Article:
5. Real Estate Transactions
Imagine that you have any form of real estate: your primary home, rental home or even a second home. Included in your power of attorney document is granting someone the ability to manage your real estate on your behalf, such as:
- Retitling the property
- Selling the property
Many of our clients have a second home that they know they can sell if they need cash or their spouse needs the funds to go into a long-term care facility. In these cases, having a durable power of attorney will allow your spouse to sell the property, as you talked about prior, without needing your signature.
Imagine if you had a stroke and couldn’t sign off on the sale of the property with your spouse.
In this scenario, a single document would allow your spouse to act on your behalf, sell the property and use the funds to get you the care that you need.
6. Making Gifts
If you want to make gifts, such as paying for your grandkid’s college education, you might open a 529 plan. A person that is listed on a power of attorney can continue funding these accounts on your behalf.
What if you do not have a 529 plan and simply transfer money to the child’s school every semester to help them pay tuition?
In this case, the person that you list as your power of attorney can do this for you. Also, if you make charitable contributions, this can continue with your power of attorney.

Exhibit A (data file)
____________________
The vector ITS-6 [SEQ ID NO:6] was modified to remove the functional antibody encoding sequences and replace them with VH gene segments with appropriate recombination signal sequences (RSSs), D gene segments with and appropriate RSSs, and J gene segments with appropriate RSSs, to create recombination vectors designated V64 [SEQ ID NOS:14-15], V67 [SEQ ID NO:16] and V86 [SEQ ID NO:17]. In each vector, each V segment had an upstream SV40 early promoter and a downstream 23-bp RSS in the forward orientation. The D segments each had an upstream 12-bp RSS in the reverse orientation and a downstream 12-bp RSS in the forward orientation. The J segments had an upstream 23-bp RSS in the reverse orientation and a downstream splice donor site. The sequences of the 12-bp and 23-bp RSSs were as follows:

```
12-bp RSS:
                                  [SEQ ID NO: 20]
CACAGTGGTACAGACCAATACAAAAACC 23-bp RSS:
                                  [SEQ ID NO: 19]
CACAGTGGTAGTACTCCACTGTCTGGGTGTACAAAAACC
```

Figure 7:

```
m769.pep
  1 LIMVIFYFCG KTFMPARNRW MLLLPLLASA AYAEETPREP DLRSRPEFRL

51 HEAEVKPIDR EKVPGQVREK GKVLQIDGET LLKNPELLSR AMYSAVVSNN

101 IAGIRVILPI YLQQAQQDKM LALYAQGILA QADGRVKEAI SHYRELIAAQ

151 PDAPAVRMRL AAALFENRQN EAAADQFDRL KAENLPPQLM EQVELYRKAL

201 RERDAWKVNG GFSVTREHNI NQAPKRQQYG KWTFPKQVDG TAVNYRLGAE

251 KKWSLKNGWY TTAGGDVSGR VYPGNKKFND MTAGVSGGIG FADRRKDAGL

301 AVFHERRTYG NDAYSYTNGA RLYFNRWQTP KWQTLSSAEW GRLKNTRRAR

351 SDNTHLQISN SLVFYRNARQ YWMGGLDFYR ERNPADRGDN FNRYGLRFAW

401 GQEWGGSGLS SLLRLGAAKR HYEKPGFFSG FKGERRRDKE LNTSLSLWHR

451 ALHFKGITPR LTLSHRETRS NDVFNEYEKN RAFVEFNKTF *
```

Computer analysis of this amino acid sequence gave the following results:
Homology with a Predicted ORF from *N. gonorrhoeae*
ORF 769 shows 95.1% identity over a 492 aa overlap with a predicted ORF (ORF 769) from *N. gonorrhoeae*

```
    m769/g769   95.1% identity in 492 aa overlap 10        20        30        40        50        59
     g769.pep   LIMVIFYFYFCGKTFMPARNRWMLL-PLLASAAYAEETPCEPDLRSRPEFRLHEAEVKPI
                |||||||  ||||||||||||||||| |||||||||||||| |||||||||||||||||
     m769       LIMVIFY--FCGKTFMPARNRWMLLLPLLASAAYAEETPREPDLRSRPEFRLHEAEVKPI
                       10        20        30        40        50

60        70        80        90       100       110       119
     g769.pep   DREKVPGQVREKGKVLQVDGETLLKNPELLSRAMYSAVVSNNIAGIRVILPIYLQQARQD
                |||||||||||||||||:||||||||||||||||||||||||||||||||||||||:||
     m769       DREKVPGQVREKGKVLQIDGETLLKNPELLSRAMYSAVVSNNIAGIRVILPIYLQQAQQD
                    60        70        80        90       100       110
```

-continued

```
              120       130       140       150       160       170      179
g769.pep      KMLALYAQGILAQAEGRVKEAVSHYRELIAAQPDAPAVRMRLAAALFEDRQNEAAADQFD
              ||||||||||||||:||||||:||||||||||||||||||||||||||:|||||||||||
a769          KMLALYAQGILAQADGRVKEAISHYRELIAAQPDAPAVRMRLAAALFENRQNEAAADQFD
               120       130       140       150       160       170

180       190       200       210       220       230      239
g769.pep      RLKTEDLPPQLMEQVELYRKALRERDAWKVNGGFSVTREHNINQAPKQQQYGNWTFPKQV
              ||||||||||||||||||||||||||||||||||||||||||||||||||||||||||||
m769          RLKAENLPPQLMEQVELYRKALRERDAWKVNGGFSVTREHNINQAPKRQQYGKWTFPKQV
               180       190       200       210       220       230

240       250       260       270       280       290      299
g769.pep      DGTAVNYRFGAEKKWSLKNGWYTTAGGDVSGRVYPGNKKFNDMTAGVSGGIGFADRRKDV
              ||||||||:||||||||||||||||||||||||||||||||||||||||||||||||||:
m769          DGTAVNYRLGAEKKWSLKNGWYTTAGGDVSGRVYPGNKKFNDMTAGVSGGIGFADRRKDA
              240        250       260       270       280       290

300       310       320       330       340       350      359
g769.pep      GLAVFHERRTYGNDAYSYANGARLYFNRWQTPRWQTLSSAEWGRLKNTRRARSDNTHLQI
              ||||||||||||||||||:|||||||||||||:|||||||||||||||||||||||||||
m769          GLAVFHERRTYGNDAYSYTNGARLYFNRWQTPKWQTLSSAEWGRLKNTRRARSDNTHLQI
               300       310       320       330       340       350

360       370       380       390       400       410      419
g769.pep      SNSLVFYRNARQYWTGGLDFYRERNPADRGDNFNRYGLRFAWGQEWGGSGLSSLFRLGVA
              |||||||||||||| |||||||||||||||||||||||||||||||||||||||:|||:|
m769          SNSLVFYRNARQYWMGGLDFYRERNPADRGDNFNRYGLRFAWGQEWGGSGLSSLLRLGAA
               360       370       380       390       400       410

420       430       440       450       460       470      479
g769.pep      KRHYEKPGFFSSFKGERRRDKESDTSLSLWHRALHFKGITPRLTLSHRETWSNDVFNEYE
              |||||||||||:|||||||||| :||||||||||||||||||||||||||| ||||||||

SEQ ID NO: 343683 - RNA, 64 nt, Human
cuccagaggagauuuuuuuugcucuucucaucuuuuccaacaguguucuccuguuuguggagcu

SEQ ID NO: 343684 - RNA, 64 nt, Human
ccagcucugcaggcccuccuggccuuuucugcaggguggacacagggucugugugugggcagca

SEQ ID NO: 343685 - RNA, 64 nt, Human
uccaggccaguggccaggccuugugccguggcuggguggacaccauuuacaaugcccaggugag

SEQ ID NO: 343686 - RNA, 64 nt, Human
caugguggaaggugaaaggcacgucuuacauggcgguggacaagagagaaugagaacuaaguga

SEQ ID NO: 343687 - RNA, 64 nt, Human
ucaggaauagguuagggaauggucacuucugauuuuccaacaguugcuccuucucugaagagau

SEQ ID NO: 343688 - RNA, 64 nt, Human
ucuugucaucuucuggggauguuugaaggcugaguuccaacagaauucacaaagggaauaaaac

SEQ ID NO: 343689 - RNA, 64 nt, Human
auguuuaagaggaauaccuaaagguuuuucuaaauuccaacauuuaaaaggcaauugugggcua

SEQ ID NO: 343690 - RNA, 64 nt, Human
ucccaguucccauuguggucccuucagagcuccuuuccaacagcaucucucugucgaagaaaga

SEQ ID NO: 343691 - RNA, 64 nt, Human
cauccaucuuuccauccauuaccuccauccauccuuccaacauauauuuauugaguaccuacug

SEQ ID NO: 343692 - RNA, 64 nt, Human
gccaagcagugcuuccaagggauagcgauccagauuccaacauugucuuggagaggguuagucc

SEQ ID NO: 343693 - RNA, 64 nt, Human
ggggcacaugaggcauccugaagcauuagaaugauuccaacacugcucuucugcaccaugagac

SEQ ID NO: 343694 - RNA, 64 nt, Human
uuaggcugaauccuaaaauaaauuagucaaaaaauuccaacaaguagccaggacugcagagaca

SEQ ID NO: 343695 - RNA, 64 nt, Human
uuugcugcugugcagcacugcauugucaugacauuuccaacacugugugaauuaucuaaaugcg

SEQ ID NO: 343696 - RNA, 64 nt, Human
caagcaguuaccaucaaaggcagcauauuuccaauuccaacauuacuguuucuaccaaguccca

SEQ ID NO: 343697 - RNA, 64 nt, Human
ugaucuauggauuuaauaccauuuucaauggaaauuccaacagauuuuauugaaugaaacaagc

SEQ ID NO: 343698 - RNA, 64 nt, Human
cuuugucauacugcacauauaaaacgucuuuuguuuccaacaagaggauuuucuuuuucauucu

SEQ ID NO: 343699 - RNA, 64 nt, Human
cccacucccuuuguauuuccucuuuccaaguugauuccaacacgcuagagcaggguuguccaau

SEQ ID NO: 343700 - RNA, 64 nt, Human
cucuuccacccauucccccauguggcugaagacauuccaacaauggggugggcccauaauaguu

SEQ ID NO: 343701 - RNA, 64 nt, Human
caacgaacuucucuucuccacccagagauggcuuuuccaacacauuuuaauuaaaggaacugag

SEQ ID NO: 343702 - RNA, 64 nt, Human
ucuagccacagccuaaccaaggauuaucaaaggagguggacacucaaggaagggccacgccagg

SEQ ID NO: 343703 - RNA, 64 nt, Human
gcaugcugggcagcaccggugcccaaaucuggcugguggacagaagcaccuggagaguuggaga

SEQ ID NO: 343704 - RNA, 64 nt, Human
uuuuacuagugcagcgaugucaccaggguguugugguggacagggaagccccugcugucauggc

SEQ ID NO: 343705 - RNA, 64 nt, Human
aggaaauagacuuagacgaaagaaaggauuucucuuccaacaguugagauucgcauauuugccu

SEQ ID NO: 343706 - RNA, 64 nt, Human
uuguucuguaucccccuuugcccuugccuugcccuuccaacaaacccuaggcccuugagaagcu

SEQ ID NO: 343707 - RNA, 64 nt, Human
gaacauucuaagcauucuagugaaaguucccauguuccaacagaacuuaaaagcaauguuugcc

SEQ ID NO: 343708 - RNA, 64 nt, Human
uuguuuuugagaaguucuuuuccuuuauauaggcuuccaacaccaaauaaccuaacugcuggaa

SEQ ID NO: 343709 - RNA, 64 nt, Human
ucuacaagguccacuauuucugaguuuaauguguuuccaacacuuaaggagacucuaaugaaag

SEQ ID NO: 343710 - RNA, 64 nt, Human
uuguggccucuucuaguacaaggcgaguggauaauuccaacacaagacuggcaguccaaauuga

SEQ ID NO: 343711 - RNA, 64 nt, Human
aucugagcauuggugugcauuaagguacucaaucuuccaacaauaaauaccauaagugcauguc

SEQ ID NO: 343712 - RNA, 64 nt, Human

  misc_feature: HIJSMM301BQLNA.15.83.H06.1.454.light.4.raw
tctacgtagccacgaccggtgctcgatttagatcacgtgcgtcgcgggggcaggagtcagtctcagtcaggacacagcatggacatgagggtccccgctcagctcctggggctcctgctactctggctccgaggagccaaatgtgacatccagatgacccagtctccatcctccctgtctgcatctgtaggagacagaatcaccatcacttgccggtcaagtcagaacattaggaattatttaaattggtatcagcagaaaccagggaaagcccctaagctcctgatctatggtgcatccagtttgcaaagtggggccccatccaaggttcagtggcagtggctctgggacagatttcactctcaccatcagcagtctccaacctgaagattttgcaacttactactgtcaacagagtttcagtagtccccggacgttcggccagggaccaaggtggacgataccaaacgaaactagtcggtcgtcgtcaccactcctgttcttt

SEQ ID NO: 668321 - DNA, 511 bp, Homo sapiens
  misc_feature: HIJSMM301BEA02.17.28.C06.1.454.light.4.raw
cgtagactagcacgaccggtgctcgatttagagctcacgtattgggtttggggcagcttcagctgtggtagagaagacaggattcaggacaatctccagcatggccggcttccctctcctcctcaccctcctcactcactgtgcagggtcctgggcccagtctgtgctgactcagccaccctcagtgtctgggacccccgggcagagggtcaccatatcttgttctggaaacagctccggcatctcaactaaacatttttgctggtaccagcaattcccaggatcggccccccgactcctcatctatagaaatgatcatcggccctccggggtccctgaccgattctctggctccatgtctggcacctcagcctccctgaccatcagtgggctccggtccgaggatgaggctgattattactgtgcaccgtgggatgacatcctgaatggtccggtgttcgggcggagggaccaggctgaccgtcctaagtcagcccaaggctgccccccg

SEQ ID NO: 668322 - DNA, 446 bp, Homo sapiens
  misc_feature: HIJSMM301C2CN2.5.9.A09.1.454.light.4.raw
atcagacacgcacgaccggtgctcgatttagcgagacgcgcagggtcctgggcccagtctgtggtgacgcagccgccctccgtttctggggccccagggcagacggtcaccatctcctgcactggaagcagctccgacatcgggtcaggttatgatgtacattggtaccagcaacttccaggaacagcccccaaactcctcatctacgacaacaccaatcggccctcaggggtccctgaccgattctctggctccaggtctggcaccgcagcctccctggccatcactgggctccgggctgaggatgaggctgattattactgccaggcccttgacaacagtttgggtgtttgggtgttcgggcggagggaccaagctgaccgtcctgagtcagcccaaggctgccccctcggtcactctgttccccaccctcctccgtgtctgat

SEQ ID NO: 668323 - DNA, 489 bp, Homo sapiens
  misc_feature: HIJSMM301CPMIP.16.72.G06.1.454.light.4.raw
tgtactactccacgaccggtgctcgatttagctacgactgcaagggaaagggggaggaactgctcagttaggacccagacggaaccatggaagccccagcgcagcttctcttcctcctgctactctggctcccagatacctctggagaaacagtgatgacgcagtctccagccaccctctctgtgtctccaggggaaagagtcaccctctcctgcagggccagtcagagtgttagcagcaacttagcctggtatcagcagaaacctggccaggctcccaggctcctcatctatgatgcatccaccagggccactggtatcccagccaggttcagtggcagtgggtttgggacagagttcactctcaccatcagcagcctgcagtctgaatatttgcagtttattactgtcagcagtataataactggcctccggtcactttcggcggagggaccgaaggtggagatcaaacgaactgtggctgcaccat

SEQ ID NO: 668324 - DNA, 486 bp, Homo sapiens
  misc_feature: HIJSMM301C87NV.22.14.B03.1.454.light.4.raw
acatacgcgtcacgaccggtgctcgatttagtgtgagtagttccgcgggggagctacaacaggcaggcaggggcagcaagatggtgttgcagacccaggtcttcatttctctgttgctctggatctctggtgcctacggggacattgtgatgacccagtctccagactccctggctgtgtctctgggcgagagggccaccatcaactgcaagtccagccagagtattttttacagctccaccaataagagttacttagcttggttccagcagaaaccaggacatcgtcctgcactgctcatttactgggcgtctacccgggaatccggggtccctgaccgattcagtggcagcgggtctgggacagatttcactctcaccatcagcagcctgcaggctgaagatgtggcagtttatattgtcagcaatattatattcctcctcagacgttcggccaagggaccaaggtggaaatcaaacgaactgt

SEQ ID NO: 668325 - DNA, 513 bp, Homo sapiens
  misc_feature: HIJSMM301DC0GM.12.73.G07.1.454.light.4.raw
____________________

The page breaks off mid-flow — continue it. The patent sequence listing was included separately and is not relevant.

7. Dealing With Tax Matters
Even if you’re incapacitated, the government will still want you to file your taxes. When you have a durable power of attorney in place, the individual can:
- Make decisions to save you money
- File taxes on your behalf
You can include taxes in your power of attorney so that the individual can act on your behalf.
8. Protecting Your Privacy
Perhaps you’re someone who likes their privacy. You can have the durable power of attorney act on your behalf to protect your privacy. This individual can then access your accounts, make transactions and do anything you direct them to without mentioning your current situation.
9. Avoiding Guardianship Proceedings
Going back to our first example, the individual who had the stroke could not communicate for some number of months to get the durable power of attorney signed. We had discussions with lawyers to help their spouse gain guardianship over the person.
However, this is a very complex matter that can be exhausting and takes a lot of time and money.
If you have a durable power of attorney, you won’t need to go through this process. The heartache, stress and cost of having to gain guardianship are fully alleviated with a durable power of attorney in place.
10. It Provides Peace of Mind
Perhaps the most powerful reason to have a durable power of attorney is that a durable power of attorney provides peace of mind. You want to have these documents in place before you need them, so if anything does happen, you have already planned to allow someone that you name to handle your affairs.
Emergency situations can happen at any moment, or they may never happen.
However, having a durable power of attorney will allow you to have peace of mind that if something does happen, you have a backup plan in place.
The good news?
A durable power of attorney is not an expensive document. We can even provide you with the resources and direction to help you put your durable power of attorney in place. We’re not attorneys, so we cannot make this document for you, but it is something that we can help you secure through an attorney.